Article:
When the Watts riots broke out in 1965, the woman who was to become my mother-in-law 27 years later gathered together a group of Quaker women to stand vigil outside the barricades that the LAPD had erected around the neighborhood.  For days they stood in a line peacefully outside the barricades, taking turns in shifts, witnessing what was occurring and trying, in the process, to minimize the violence.  If they had not been there, surely even more blood would have been spilled.

Syria reminds me of this daily.  We have all been witnessing the atrocities, but at a comfortable distance while the Syrian people have been routinely brutalized, gassed, and murdered. This is not a civil war, but a barbaric attack by a leader against his own people. As Yassin al-Haj Saleh writes in today’s New York Times, “Here in Syria, there is a regime that has been killing its subjects with impunity for the last 30 months.”

In his speech tonight the President said, “We seek to ensure that the worst weapons will not be used.”  Well, I don’t see any real difference in dying by gunshot, fire, or poison gas.  Killing is killing. That Obama is moved to do something only when the “red line” of the use of sarin has been amply demonstrated is terribly disappointing.  Isn’t a red line crossed when an elementary school is bombed with napalm? When rape becomes a weapon of war?  What’s the point of “reprimanding” a tyrant for using one kind of death machine rather than another? I’m all for the Russian plan to get Syria to divest itself of its chemical weapons, but what about all the other weapons? And what of the total illegitimacy of this regime?

I am ashamed that we in the rest of the world have stood by, paralyzed by cowardice or trepidation, for all this time while the government of Bashar al-Assad has brutalized and killed thousands every month. But I also understand and share the worry over going to yet another war.

So might there be a nonviolent alternative — something akin to the line of Quaker women standing watch?  That might mean sending in UN “peacekeepers,” though that is still very militaristic and might not be the only viable option.  What if we civilians, pouring in from the civil societies of the world, took up watch inside of Syria, just as so many journalists have tried to do?  We need to stand closer.

What’s to keep a dictator from killing those standing watch?  Very little.  But is there any other decent alternative? Can we claim to be a really human race when we fail to be humane, when we stand by helplessly?

Town Hall Democracy?

Here’ s a recipe for debate rather than deliberation.  Throw a town hall meeting and put a politician in the middle of the room.  In that setting, the people generally come to blame and beseech.  They don’t come to do the political work of deliberation, which is to ask themselves, on whatever the issue at… Continue reading Town Hall Democracy?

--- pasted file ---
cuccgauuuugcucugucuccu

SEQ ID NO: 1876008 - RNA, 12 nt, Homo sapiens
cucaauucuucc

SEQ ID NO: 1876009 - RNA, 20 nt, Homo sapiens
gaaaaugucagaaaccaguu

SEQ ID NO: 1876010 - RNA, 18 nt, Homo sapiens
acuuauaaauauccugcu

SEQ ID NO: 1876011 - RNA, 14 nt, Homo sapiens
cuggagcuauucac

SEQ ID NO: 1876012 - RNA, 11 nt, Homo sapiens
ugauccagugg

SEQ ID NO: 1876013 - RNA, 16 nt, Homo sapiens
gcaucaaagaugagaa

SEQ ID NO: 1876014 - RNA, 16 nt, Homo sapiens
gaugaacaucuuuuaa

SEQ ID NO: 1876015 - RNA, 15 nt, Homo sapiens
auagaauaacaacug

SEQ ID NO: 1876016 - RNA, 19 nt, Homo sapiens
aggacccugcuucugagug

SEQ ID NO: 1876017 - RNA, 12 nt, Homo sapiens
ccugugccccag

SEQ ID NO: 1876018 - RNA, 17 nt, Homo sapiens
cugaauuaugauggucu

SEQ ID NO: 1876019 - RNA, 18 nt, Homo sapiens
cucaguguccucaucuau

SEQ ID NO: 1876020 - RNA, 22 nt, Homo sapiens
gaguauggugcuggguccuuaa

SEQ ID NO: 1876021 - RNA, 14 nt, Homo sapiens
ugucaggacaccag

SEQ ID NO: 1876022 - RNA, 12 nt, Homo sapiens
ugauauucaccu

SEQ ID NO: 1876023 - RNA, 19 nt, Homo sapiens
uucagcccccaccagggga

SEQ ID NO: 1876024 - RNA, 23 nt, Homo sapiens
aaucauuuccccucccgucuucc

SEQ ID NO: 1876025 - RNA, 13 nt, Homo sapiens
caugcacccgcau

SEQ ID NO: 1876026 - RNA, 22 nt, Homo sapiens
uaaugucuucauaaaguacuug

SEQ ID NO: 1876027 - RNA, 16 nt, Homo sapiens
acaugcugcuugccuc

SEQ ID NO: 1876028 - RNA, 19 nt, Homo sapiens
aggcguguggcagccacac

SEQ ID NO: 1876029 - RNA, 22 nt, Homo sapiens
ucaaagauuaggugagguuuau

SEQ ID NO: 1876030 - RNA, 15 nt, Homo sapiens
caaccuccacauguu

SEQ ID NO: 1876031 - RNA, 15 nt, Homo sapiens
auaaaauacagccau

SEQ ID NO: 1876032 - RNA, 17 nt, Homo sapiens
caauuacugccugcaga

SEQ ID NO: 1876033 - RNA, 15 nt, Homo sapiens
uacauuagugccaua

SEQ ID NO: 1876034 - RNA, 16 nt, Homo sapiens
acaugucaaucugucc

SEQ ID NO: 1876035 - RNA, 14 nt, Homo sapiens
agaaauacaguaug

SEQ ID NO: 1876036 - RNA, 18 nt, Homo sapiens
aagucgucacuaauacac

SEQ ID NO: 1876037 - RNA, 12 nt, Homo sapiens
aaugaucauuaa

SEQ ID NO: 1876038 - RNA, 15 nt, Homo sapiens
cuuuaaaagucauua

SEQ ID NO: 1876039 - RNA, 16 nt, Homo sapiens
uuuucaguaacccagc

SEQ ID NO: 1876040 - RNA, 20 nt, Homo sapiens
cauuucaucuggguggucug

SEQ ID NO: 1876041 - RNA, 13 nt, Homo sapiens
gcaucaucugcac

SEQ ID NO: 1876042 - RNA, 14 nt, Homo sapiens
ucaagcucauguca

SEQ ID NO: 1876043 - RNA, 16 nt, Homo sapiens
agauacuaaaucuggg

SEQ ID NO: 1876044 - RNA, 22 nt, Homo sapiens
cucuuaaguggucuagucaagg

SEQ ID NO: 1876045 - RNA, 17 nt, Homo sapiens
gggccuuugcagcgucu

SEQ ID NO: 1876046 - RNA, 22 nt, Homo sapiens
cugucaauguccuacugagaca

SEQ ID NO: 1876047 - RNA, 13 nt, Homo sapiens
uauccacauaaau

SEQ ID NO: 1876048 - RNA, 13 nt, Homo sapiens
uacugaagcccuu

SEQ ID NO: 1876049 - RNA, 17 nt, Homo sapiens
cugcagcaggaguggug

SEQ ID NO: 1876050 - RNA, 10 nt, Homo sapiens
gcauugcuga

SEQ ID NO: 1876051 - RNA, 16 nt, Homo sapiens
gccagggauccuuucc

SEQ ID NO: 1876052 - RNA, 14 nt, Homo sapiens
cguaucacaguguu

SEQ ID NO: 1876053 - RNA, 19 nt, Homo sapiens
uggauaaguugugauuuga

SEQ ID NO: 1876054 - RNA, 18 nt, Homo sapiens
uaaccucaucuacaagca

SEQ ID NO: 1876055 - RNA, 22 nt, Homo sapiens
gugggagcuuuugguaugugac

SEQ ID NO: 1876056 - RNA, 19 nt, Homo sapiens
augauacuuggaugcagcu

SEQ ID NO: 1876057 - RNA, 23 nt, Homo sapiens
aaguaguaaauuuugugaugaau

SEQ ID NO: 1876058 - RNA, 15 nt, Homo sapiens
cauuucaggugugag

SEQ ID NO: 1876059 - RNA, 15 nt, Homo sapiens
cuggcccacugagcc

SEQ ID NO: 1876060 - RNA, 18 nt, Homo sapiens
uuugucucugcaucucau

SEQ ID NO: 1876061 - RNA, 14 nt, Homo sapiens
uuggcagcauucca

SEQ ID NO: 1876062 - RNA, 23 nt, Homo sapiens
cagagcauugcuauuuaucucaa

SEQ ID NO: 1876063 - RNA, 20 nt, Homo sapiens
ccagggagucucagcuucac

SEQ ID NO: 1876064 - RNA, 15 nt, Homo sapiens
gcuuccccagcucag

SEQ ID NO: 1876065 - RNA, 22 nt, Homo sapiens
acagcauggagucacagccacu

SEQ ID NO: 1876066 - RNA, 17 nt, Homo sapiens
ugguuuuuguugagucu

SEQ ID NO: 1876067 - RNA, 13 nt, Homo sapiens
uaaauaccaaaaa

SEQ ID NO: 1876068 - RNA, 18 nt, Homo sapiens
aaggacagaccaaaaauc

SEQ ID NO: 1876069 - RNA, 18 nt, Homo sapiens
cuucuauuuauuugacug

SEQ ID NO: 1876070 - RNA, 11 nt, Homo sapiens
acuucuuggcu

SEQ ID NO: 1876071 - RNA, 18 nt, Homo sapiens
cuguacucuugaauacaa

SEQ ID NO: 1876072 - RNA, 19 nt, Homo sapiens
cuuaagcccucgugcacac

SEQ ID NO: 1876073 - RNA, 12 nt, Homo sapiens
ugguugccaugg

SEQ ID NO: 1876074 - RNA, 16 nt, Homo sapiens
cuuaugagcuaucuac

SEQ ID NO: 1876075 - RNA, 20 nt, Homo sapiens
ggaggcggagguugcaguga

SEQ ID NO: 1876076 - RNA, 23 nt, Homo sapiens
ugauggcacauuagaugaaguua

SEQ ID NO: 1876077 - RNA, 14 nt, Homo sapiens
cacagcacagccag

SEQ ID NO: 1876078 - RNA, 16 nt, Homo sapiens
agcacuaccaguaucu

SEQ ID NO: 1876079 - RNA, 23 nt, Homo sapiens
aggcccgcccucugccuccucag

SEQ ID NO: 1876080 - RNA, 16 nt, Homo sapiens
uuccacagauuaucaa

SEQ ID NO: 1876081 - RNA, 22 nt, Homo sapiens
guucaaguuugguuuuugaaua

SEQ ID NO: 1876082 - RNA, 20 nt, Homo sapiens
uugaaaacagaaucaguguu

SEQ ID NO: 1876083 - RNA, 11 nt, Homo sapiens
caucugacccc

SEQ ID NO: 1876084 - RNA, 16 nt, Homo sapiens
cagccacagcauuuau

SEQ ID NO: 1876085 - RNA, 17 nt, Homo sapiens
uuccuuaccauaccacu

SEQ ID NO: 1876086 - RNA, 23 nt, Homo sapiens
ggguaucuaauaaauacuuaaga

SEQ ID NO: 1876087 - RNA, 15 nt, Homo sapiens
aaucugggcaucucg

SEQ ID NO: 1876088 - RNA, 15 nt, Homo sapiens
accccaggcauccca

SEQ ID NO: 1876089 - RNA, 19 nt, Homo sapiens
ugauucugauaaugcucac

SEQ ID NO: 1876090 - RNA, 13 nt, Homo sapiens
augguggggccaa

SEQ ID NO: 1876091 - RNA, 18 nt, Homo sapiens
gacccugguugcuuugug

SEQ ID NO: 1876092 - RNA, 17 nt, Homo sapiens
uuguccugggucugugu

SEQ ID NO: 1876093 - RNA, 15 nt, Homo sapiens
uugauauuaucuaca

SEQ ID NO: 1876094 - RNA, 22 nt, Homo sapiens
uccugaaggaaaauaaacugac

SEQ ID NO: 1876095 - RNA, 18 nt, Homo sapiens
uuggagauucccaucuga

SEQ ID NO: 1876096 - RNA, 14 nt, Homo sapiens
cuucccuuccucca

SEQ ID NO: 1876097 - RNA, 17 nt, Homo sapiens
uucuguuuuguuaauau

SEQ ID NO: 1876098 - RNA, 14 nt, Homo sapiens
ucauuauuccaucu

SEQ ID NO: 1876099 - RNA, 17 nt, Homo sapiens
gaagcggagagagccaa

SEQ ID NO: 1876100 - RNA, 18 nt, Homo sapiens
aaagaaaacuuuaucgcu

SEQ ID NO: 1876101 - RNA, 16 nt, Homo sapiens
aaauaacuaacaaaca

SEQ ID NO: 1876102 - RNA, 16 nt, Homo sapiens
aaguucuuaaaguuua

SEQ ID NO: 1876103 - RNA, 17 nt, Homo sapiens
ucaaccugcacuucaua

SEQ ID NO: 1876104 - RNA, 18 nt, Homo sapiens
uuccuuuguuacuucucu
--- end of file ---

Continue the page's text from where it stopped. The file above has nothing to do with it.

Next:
The Permanent Campaign

The Obama administration’s outside arm, Organizing for America, is now adding the Sotomayor Supreme Court nomination to its roster of issues that it is calling on the American people to lobby for. We the people are being called on to help the administration pass its health care and Supreme Court battles.  These are good fights;… Continue reading The Permanent Campaign

Who are we waiting for?

During the Presidential campaign, candidate Obama invoked the language of community organizing and the civil rights movement, especially with the discourse of “yes, we can” and “we are the ones we’ve been waiting for.” That seemed fitting for a campaign that had a place for millions of people to take to the sidewalks and knock… Continue reading Who are we waiting for?

Engaging Citizens from the White House

The White House now has a new office of citizen participation, so it’s time to set some things straight.  First, some applause is in order.  It is high time that elected officials started paying attention to what the public has to say.  But second, a lot of caution is needed.  Who is engaging whom?  how? … Continue reading Engaging Citizens from the White House

Obama’s Pragmatism

On his blog, Requiem for Certainty, pragmatist philosopher Colin Koopman dissects Obama’s inaugural speech and finds lots of good stuff for both pragmatist philosophy and democratic politics, including the recurring pragmatist theme of hope. The inaugural address also made a pragmatist promise in another key moment.  Obama spoke of “stale political arguments” concerning the relative… Continue reading Obama’s Pragmatism

Morning in America

Now this really is morning in America.  And maybe we can get on with the work of mourning a long dark history of racism and hatred that has always worked against the American ideal of freedom and equality. I am so proud that my country elected a brilliant man, an African American, a person willing… Continue reading Morning in America

Political Illogic 101

In Philosophy 101 one of the first things we teach is logic, along with logical fallacies. Here’s the big one we’re starting to see in this presidential campaign, as well as in some comments on this very blog (especially regarding Barack’s Mother): guilt by association. According to the Internet Encyclopedia of Philosophy, ” Guilt by… Continue reading Political Illogic 101